Since Facebook’s depute in 2004, the social networking site has faced countless complaints, errors, and controversies. One of the main concerns many users have, as well as businesses, is the spam and viruses that spread across this site. This content is not only obnoxious, but can also severely damage an individual’s computer, or worse, steal his or her personal information.
Spam and viruses can be spread a variety of ways on the internet, but spammers usually spread content with these three techniques. One of the most popular ways malicious information is spread is by phishing. This “involves using fake messages to direct users to sites for knockoff products or to pages that can turn a computer into an automation that floods friends with spam,” which both annoys users and can have detrimental effects. These spammers also use various tricks on users, which fools individuals into downloading malware. Once downloaded, the user’s account sends out messages to his or her friend’s which also tricks them into downloading the same software, infecting his or her friends’ computers and continuing the cycle. Spam and viruses are also spread by “likejacking,” This technique spreads information by tricking users to like certain pages. Once the individual “likes” the page, “the content shows up on his or her home page and can also appear on a friends’ news feed;” infecting the computer and those who are unfortunate enough to click the link. Regardless of how spammers infect or pester the Facebook community, these people do this for monetary gain. These individuals get paid for each click he or she is able to send to a certain website or ad, making this problem increasingly more complex and more difficult to vanquish.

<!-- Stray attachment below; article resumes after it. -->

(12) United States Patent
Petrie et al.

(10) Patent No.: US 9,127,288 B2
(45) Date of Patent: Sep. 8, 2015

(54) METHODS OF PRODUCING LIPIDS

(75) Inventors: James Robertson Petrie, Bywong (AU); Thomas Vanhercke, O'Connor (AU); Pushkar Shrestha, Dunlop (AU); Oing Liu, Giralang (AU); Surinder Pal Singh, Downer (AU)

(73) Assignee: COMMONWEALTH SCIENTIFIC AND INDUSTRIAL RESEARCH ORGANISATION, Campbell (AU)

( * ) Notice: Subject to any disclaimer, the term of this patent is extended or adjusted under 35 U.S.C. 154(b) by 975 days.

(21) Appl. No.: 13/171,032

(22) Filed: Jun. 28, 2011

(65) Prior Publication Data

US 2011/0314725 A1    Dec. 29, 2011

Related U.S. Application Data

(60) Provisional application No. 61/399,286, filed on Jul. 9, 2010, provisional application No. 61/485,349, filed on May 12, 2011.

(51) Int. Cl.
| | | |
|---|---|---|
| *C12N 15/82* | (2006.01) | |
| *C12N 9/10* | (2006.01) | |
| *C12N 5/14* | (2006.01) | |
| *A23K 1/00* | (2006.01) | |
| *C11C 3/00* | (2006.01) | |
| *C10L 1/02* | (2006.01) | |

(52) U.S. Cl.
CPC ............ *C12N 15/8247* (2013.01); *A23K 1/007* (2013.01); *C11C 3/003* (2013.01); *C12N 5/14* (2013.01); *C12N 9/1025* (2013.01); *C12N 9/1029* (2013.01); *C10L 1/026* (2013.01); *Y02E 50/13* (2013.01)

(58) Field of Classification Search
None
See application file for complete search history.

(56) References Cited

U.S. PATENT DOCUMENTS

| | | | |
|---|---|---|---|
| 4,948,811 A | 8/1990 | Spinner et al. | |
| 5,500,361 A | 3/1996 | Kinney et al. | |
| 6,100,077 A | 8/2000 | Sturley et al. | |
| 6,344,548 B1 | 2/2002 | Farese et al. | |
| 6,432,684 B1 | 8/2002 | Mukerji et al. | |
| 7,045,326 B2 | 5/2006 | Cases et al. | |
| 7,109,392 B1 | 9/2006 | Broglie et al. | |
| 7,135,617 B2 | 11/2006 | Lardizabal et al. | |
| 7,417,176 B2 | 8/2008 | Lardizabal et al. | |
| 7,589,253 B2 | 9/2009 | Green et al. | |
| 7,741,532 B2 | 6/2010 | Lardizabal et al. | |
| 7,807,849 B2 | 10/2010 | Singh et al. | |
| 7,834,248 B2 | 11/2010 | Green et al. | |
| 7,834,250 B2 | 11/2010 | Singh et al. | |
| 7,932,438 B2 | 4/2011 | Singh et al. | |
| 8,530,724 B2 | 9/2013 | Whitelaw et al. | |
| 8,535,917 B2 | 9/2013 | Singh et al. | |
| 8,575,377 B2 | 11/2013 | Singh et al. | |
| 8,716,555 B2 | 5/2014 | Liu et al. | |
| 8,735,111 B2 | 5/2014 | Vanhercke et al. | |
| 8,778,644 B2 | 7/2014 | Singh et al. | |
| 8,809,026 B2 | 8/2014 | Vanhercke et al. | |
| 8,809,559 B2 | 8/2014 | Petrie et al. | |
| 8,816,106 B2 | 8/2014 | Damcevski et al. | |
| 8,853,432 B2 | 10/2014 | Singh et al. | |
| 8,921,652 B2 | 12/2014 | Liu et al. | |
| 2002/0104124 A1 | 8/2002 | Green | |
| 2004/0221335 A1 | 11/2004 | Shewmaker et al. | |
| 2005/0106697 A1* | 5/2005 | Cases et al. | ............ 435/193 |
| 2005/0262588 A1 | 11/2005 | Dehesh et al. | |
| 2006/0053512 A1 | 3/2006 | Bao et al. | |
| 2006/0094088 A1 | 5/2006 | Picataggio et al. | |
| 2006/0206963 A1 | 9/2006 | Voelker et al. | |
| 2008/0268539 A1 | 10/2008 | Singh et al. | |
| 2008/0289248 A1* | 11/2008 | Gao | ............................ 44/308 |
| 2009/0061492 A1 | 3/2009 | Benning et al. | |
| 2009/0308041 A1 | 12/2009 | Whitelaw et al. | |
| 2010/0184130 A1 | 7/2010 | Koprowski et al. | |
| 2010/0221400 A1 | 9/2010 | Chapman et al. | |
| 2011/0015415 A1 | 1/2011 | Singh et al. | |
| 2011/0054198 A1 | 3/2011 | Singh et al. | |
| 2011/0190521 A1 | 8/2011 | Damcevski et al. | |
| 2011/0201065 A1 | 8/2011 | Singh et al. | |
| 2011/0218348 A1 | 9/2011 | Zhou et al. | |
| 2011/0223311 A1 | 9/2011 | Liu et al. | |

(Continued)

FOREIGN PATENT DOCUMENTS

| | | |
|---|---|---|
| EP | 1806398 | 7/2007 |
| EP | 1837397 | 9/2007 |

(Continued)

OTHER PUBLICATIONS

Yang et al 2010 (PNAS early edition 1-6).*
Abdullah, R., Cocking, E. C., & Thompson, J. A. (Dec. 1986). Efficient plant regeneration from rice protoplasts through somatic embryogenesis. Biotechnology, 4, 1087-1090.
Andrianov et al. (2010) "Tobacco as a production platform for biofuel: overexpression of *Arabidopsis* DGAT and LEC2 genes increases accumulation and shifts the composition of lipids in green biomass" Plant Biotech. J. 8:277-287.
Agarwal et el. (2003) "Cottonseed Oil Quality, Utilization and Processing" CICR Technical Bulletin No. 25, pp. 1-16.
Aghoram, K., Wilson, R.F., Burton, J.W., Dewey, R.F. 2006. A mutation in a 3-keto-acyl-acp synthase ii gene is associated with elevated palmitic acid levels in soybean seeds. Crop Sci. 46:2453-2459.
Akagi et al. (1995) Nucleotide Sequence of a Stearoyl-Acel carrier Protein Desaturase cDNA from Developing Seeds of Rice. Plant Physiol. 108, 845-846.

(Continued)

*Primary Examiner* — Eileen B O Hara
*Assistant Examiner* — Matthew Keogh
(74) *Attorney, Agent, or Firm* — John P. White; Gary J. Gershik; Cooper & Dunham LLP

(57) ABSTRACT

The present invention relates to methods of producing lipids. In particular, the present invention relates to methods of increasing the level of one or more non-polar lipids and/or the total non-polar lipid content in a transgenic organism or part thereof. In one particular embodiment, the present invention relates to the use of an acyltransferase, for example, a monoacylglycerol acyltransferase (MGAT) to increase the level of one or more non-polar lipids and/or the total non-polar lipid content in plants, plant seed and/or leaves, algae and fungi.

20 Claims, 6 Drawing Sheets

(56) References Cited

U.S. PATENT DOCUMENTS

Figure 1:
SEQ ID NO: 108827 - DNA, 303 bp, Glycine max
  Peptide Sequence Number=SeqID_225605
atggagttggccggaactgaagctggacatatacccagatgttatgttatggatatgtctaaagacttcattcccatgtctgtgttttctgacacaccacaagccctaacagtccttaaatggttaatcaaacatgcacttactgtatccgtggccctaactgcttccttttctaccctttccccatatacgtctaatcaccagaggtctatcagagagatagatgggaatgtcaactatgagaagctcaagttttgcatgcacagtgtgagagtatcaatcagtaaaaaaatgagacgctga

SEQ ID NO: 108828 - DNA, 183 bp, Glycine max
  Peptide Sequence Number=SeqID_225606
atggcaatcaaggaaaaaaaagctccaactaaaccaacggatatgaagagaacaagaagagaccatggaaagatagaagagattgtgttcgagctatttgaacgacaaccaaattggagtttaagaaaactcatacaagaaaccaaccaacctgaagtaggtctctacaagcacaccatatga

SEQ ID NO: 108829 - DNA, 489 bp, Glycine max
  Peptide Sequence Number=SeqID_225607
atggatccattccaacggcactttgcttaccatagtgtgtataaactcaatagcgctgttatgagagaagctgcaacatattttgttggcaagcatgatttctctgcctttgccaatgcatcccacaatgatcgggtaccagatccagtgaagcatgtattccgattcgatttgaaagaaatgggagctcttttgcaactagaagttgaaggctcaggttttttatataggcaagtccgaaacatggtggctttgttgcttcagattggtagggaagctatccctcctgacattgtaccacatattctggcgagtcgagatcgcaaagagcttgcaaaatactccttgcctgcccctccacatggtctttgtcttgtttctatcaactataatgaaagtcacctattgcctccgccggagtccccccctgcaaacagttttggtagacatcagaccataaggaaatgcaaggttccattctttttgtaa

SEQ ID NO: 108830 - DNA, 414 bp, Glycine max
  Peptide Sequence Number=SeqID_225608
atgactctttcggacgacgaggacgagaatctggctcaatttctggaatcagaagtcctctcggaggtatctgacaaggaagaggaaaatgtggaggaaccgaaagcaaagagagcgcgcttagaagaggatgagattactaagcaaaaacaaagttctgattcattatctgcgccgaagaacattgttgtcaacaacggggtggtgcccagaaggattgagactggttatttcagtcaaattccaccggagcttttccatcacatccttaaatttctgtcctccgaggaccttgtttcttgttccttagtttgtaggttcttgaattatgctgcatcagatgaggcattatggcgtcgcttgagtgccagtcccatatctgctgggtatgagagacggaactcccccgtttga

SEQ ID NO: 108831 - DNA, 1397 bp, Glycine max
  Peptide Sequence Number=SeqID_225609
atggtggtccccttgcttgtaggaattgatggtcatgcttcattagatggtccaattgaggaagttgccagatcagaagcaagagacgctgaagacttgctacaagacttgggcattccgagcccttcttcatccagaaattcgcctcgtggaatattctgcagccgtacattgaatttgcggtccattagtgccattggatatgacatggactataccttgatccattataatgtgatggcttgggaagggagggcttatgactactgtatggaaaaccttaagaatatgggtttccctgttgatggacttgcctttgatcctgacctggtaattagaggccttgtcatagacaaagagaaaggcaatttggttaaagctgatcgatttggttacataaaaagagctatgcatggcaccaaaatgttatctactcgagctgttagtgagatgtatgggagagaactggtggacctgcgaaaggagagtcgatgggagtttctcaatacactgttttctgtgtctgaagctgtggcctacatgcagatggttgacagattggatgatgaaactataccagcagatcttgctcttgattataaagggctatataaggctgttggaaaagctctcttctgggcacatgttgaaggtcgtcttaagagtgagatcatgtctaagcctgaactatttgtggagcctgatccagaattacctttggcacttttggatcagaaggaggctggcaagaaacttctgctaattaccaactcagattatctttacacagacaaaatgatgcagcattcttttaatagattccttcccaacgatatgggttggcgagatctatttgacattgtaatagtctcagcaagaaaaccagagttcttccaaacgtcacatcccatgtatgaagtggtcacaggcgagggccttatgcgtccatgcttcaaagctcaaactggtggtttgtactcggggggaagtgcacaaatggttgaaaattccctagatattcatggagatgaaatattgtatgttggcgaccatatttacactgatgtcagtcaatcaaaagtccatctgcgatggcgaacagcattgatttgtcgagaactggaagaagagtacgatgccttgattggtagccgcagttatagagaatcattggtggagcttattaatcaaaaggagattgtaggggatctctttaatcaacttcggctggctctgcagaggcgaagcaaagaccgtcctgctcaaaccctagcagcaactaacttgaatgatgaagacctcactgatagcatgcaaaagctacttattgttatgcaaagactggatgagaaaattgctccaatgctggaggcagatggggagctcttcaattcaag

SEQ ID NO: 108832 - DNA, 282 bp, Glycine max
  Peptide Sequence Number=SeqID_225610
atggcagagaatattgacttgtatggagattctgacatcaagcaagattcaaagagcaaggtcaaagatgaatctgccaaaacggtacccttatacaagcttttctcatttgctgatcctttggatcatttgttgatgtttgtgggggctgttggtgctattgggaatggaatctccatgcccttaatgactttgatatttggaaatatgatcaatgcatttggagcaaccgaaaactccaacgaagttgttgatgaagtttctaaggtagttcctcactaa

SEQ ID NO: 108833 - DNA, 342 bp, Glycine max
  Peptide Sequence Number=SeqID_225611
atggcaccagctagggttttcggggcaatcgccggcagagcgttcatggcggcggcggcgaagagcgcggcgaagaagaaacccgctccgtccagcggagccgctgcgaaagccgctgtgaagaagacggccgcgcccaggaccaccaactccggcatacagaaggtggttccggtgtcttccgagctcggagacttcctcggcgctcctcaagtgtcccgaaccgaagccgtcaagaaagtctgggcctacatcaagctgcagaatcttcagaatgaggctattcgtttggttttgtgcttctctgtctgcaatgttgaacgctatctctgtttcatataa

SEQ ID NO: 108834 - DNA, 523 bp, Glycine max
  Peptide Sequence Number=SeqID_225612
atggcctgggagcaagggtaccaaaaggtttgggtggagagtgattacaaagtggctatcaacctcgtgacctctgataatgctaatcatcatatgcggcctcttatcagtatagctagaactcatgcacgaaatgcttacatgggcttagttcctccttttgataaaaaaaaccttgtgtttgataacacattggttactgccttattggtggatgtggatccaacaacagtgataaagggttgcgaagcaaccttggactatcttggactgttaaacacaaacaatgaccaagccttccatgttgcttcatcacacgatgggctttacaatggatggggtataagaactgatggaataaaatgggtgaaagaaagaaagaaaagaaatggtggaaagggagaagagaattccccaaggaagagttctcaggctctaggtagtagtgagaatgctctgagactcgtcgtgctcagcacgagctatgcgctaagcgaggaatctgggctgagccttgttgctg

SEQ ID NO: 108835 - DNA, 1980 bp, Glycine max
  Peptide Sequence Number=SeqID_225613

In order to combat this issue, Facebook has put in place both malware and spam detection systems across the site to help reduce the general amount and spread of spam and viruses on the social networking site. The systems are constantly looking for suspicious activity all over the Facebook network; such activity can include a user sending 50 or more messages to people who are not his or her friend or if 75% of all friend requests sent out by a user are being ignored. Once this kind of behavior is detected and investigated, security software goes in and fixes the problem, much like how a personal computer’s security software works. Facebook also recommends several security tips, such as selecting a strong password, regularly running anti-virus software on one’s own personal computer and adding a security question to the account, in order to keep one’s account secure. According to Facebook, because of their systems and security tips, less than 1% of all users in the Facebook community are affected by spam or viruses on the site.
Click to check out stories of personal accounts of Facebook spamming.
For your enjoyment, Aaron Woodall pokes some fun at the Facebook Security Team: